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Egyptian women in ophthalmology: cataract surgery training and subspecialty preference

Poster Details

First Author: D.Sobeih EGYPT

Co Author(s):    P. Cotran   S. MacDonald   Y. Saleh   W. Gafar           

Abstract Details


The aim of the study is to investigate the impact of gender on the pattern of cataract surgery training provided for female ophthalmologists working in Delta region of Egypt and compare it to the pattern of training given to male ophthalmologists.


The current study was performed in Mansoura City and residents working in both university-affiliated hospitals and ministry of health were asked to fill in the survey.


One hundred and thirty young ophthalmologists filled in a structured survey about cataract surgery training and subspecialty preference. Demographic characteristics like gender, marital status, the degree of education earned and whether they work in university or ministry of health hospital were collected and analyzed. Participants were also asked to answer questions regarding the number of cataract surgeries they performed annually as a part of their residency training. Residents’ satisfaction about their residency regarding cataract surgery and subspecialty training were also collected and analyzed. Moreover, the survey has evaluated the subspecialty intended to pursue after residency and the reasons behind that.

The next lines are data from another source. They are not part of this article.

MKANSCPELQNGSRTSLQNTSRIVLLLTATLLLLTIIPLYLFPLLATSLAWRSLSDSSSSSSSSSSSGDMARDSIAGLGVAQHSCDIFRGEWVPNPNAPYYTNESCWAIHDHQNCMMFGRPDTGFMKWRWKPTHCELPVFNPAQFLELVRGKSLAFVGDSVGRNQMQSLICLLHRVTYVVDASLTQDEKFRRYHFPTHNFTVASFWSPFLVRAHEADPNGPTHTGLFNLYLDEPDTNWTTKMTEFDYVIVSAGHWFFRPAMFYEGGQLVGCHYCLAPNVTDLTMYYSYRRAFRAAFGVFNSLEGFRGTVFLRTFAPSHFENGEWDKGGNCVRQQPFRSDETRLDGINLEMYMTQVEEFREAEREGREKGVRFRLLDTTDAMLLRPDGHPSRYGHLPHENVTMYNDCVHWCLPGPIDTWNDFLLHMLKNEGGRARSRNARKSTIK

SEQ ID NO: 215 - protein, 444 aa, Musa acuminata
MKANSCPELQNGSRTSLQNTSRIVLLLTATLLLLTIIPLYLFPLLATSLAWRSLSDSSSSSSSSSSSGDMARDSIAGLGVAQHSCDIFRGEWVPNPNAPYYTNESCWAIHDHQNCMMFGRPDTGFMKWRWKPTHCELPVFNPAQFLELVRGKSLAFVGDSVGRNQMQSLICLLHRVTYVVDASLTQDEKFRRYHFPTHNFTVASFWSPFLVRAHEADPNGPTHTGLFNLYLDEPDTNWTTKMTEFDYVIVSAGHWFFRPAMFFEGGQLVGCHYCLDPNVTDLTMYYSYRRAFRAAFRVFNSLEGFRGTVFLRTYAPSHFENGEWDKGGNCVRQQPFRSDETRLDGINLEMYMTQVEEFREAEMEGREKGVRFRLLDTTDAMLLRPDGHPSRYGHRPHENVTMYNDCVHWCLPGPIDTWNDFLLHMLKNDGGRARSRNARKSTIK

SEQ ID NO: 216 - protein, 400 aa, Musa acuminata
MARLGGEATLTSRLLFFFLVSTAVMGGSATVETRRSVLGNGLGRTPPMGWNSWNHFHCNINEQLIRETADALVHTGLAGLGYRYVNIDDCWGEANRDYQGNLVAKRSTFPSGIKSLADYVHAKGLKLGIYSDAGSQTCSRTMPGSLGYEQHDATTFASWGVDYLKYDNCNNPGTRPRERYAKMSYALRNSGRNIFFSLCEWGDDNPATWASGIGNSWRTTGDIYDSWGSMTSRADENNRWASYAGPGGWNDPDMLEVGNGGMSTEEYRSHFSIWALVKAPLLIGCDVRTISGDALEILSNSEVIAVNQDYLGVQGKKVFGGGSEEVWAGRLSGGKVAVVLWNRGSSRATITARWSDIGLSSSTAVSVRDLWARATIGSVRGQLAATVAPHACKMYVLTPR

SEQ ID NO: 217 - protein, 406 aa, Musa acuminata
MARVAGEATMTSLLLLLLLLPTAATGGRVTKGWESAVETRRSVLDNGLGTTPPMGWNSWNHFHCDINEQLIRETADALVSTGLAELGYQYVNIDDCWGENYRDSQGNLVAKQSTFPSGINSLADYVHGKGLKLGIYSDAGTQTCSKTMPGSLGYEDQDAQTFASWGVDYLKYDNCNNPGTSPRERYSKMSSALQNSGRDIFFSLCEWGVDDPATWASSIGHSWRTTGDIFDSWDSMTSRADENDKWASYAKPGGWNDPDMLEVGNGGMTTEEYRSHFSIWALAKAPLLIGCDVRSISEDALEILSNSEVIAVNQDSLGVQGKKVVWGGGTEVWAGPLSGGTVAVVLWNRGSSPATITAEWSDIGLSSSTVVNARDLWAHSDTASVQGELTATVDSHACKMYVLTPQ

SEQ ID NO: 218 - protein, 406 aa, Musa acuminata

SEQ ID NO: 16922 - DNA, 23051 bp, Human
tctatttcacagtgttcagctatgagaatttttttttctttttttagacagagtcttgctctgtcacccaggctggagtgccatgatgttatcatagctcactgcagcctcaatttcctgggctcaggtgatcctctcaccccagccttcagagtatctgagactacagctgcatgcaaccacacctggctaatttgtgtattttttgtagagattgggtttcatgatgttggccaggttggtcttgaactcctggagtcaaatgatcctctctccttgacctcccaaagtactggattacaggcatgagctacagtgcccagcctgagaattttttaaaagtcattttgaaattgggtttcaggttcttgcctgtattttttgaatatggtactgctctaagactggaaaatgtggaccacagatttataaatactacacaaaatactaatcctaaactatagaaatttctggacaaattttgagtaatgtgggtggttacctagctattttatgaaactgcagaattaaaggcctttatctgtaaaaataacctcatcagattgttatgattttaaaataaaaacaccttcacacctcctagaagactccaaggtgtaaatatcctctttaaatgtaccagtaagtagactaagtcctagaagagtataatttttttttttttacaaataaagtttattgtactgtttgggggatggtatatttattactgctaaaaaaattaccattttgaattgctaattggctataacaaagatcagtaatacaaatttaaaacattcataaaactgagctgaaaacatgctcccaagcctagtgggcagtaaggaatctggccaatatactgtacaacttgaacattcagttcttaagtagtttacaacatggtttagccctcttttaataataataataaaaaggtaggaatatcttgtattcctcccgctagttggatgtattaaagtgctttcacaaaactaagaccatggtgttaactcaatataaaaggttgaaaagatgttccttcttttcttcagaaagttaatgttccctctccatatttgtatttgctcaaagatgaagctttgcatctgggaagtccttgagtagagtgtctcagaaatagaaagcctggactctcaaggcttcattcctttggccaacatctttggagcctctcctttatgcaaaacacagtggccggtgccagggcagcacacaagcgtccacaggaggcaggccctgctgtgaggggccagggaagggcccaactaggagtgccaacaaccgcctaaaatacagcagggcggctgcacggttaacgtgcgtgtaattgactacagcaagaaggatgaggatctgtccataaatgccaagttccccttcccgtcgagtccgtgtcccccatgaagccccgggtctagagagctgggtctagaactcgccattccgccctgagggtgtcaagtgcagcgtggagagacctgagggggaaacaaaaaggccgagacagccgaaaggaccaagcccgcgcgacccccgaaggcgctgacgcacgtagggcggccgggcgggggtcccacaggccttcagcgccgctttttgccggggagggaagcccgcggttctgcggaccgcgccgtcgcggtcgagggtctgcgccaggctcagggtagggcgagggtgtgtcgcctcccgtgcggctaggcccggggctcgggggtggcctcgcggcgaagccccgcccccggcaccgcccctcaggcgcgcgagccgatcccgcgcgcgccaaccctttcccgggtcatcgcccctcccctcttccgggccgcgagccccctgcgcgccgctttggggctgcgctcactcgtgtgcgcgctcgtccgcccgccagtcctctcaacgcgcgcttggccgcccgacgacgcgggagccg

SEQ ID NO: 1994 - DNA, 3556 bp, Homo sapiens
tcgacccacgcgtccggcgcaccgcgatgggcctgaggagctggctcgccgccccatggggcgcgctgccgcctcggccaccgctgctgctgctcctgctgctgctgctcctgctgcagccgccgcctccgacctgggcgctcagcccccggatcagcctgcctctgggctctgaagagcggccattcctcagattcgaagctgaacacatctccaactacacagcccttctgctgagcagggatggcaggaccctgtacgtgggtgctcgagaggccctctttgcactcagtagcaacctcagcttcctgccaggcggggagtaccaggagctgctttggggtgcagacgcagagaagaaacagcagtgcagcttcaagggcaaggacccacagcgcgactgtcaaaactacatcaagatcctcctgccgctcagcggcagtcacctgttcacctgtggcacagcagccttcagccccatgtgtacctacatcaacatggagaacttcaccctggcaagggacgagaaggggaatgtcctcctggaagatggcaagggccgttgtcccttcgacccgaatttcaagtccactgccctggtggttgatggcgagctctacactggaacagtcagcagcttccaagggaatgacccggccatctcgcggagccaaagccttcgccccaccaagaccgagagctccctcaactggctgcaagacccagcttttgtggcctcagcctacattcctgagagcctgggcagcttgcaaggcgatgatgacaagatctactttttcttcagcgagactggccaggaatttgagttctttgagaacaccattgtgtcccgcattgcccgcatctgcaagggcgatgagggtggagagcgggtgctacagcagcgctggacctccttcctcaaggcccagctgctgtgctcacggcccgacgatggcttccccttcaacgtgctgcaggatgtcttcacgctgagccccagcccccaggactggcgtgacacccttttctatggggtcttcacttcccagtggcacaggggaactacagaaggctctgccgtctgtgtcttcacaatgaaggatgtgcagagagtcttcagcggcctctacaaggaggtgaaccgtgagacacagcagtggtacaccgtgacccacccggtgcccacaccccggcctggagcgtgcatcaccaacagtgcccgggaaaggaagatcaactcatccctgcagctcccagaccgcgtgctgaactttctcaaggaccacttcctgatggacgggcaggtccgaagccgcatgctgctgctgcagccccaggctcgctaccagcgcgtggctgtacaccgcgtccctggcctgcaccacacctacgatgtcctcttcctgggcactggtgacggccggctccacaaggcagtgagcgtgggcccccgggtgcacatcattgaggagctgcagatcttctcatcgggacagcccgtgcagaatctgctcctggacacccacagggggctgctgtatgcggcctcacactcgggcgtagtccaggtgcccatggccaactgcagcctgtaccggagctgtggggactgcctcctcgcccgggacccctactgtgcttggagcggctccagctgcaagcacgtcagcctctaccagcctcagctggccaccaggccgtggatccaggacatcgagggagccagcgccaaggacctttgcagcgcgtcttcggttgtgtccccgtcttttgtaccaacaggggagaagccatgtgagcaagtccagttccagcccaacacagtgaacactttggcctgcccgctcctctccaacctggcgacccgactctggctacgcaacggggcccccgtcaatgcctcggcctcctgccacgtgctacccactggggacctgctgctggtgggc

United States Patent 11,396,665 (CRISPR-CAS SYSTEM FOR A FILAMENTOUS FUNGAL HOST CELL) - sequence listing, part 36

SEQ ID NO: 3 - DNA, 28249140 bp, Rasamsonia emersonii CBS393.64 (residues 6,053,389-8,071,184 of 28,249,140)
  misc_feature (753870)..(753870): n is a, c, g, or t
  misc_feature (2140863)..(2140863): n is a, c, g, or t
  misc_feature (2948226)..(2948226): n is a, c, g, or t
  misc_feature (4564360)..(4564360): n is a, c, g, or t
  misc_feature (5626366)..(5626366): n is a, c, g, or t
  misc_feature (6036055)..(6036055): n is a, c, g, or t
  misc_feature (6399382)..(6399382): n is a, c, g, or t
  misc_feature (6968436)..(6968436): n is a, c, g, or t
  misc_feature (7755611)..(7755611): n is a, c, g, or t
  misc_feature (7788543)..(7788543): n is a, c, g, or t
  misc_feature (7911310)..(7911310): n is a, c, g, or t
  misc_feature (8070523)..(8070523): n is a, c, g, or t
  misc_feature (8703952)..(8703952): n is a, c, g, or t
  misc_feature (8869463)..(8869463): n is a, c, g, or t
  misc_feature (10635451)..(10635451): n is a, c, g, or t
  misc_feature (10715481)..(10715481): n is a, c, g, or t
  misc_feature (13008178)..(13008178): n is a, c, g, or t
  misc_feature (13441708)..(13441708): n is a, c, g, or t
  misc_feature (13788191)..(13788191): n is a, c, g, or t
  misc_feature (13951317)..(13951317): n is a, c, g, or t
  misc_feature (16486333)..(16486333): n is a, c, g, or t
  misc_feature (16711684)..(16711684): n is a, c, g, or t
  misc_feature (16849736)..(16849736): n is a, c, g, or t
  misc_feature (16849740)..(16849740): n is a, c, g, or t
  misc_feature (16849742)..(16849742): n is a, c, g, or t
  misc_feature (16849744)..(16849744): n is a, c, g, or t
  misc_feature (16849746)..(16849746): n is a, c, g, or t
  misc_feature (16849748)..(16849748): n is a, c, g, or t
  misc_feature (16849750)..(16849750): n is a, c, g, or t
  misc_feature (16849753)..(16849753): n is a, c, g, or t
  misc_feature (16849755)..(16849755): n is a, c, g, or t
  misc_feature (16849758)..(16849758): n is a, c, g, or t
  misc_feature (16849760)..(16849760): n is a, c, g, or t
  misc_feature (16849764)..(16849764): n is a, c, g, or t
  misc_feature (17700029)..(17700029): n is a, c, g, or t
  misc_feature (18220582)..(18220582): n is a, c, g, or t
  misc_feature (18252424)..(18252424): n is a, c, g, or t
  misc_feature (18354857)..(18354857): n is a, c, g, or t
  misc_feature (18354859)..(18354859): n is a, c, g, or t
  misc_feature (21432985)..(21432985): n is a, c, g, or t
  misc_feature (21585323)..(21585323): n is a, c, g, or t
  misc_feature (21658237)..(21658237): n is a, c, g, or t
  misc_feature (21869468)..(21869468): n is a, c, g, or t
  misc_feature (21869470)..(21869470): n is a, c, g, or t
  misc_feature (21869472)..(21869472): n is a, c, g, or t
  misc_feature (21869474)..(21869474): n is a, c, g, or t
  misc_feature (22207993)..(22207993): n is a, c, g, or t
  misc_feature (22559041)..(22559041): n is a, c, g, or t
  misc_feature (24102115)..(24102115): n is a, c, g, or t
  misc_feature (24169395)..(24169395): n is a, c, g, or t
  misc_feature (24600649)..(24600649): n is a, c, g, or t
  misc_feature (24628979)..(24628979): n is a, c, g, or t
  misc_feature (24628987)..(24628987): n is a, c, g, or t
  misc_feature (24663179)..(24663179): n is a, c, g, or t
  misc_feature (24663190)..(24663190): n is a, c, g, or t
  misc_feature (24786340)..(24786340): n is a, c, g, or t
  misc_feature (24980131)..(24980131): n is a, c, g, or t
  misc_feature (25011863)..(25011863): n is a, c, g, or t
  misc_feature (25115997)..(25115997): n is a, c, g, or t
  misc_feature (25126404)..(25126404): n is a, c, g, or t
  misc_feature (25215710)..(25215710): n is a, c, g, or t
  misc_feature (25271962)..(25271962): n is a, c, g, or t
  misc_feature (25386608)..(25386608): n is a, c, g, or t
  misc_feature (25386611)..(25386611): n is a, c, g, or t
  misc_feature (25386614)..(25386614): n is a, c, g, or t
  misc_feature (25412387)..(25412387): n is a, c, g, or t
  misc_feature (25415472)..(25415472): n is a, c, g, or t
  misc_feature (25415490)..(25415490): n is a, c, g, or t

A total of 170 questionnaires were distributed among residents working in Delta. Of those, 120 have filled in the questionnaire giving a response rate of 70.5% (76 female and 44 male). Women showed a significantly lower rate of cataract surgeries performed during their residency training compared to men. Furthermore, the current study showed that women are less likely to choose surgical subspecialties in ophthalmology compared to men. The majority of female ophthalmologists participated in this study showed more interest in medical subspecialties.


The results of this study highlight the impact of gender on residency training as well as subspecialty preference. In Egypt, ophthalmology is one the medical specialties pursued by more women than men. Policymakers need to consider the consequences of the inequality in the quality of surgical training provided to both men and women to avoid any potential shortage in the number of ophthalmologists available for surgical subspecialties.

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